11/25/2014 10:00 am ET Updated Jan 25, 2015

Republican Control Is Destined to Fail

Alex Wong via Getty Images

This week, President Barack Obama used his executive authority to prevent the deportation on millions of undocumented immigrants. It should come as no surprise that Republicans do not support this action and have added it to a growing list of complaints about how the president and congressional Democrats do business. Unfortunately for Republicans, these complaints represent the pinnacle of hypocrisy.

Perhaps executive actions do undermine the "democratic process" as Speaker Boehner suggests, however it should be noted that Obama averages just 32 executive actions per year, while Republican presidents have been far more liberal in their use of this power.

George W. Bush -- 36 per year
George H.W. Bush -- 41 per year
Ronald Reagan -- 47 per year
Gerald Ford -- 56 per year
Richard Nixon -- 57 per year

If this is a problem, it is a problem for all presidents, not just the Democratic ones.

Boehner feels that "President Obama has turned a deaf ear to the people that he was elected ... to serve." According to a release by Republican Senator Jeff Sessions, a Fox News poll shows:

By a 78-21 percent margin, voters favor allowing immigrants in the U.S. illegally to become citizens after they meet requirements such as passing a background check.

Given that the Senate already passed a comprehensive immigration reform act with bipartisan support that included a pathway to citizenship, which the vast majority of Americans favor, by refusing to bring this bill up for a vote in the House it is Boehner who has turned a deaf ear to the people.

For much of the past year, House Republicans, lead by Eric Cantor, have been portraying the Democratic controlled Senate as a place where good bills go to die. With over 300 bills passed by the House waiting for approval in the Senate, such a claim seems accurate. However, history shows that every year around 300 House bills fail to get a vote in the Senate. 2014 is just another year in long line of political dysfunction.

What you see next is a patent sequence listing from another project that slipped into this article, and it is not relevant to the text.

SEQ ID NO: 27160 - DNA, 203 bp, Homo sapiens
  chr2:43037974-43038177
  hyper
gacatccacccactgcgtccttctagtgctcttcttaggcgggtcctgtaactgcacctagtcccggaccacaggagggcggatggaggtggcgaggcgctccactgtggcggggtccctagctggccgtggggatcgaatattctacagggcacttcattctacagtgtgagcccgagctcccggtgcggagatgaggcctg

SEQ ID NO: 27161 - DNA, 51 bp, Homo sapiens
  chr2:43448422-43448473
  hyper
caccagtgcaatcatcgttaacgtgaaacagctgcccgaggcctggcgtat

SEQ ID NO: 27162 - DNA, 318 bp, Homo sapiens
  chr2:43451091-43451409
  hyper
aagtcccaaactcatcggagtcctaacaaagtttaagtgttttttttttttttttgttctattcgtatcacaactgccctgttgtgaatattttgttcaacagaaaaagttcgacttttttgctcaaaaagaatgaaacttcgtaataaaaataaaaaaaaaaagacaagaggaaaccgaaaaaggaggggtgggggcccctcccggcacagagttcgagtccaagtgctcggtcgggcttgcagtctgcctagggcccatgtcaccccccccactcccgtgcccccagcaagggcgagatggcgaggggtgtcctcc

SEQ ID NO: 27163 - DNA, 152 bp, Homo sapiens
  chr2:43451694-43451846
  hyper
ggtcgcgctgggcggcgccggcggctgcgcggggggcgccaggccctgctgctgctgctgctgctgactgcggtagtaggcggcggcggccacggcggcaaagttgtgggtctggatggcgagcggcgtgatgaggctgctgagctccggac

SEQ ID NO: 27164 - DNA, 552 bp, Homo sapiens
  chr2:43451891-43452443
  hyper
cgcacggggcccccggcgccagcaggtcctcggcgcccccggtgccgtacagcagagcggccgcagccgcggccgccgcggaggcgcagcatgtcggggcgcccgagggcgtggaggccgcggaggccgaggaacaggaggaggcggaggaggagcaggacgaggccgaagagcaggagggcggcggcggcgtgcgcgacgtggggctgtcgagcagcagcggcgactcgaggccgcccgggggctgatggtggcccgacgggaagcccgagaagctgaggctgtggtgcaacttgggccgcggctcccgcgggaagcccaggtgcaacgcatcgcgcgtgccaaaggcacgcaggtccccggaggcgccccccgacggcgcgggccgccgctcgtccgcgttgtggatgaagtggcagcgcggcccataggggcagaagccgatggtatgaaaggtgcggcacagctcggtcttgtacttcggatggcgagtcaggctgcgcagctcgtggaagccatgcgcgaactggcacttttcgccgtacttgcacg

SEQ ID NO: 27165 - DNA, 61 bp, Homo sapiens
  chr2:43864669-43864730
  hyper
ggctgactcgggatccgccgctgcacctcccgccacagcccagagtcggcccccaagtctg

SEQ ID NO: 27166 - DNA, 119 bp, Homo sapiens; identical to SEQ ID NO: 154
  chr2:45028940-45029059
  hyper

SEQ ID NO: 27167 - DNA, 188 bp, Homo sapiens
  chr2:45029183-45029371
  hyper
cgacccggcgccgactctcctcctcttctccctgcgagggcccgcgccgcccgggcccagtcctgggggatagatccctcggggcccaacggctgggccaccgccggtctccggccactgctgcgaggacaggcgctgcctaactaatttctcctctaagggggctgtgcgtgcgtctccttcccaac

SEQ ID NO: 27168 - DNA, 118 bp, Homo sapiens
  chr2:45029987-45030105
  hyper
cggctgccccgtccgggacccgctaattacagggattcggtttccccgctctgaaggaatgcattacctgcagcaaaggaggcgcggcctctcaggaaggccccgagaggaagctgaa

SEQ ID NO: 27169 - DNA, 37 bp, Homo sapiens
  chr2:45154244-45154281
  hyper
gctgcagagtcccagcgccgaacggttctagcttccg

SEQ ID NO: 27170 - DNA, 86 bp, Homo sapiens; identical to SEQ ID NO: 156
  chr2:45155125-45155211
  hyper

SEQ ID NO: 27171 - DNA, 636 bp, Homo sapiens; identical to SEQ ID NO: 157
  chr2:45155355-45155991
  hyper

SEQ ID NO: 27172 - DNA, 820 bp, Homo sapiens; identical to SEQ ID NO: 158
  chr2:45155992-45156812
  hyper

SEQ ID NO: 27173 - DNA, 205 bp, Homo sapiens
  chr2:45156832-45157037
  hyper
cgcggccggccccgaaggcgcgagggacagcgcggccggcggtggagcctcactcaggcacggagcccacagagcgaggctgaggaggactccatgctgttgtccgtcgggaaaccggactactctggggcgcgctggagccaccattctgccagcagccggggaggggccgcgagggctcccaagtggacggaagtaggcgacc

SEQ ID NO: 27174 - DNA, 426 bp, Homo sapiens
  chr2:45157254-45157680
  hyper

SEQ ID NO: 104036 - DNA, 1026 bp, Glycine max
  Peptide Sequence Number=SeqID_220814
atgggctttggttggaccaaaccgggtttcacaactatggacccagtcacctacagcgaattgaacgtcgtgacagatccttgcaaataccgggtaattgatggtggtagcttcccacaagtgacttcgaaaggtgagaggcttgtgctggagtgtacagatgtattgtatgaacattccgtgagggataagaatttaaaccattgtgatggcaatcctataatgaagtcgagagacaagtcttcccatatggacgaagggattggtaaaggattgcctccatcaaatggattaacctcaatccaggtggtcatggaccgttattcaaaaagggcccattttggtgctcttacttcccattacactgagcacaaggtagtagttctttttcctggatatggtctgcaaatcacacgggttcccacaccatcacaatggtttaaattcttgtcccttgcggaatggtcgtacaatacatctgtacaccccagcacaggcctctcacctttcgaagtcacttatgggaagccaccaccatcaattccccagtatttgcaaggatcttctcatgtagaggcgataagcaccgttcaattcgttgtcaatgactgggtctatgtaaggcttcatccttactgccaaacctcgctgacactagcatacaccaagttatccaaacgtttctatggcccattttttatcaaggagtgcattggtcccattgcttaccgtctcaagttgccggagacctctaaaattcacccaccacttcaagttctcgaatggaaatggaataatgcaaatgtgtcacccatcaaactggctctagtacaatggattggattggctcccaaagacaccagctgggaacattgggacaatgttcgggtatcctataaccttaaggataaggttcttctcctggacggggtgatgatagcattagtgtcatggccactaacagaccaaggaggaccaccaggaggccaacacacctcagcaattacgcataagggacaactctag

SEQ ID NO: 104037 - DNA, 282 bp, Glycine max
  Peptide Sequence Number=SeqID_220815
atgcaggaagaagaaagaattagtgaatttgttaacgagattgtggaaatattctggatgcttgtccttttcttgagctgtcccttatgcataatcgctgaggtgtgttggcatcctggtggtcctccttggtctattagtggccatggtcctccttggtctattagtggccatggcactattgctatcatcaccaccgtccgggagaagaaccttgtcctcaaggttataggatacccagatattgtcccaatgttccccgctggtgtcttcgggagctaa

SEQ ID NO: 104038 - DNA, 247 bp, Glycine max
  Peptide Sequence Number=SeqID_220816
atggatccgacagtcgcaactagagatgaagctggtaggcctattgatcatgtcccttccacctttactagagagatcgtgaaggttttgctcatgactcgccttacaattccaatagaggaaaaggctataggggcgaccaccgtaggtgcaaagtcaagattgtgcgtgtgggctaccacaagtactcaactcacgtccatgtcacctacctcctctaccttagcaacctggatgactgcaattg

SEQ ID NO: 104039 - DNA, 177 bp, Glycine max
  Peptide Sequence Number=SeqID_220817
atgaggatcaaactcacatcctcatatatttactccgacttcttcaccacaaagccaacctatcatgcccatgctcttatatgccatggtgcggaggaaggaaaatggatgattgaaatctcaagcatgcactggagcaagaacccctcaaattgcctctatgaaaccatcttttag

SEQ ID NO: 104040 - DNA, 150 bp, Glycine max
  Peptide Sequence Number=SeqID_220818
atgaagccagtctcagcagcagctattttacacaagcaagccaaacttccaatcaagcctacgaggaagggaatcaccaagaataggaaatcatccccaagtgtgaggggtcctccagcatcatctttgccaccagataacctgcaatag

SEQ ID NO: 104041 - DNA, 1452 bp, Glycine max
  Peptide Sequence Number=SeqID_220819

Having said that, the two worst years on record were 2011 and 2012, when Republican filibusters caused a total of nearly 1,300 House bills to stall in the Senate.

If failing to get a vote on House bills is an issue when Republicans control the House, it should also have been a concern for Republicans when Democrats controlled the House.

Of the 46 "jobs bills" the House has passed that Boehner considers "bipartisan" half of them received support from less than 10% of House Democrats with 2 bills receiving zero votes and 12 others garnering under 5% support.

By contrast the Senate currently has 76 bills waiting for the House to vote on. All have the support of at least 10% of Senate Republicans. If a wave of bipartisanship is sweeping Congress, shouldn't that also include Senate bills stuck in the House?

Included in the list of bills being ignored by the House and Speaker Boehner are the following:

-- S. 2912: Don't Tax Our Fallen Public Safety Heroes Act
-- S. 2673: United States-Israel Strategic Partnership Act of 2014
-- S. 1691: Border Patrol Agent Pay Reform Act of 2014
-- S. 2198: Emergency Drought Relief Act of 2014
-- S. 1417: Newborn Screening Saves Lives Reauthorization Act of 2013
-- S. 287: Helping Homeless Veterans Act of 2013
-- S. 743: Marketplace Fairness Act of 2013
-- S. 853: Reducing Flight Delays Act of 2013

While Republican leadership wants to depict Democrats and the president as uncompromising ideologues, such assertions from a group that have shown to be uncompromising ideologues falls on deaf ears. Americans don't want more political posturing, finger pointing and empty rhetoric. They want a government that spends more time in Washington than raising money. They want a government that acts on the wishes of voters instead of the wishes of the highest bidder. They want a government that finds common ground and rallies public support rather than constantly dividing the nation to win elections.

Unfortunately, rather than leading the government in a different direction Republicans seem determined to take it further down the rabbit hole. That should be disappointing no matter what your political affiliations are.

Previously published in the Detroit News.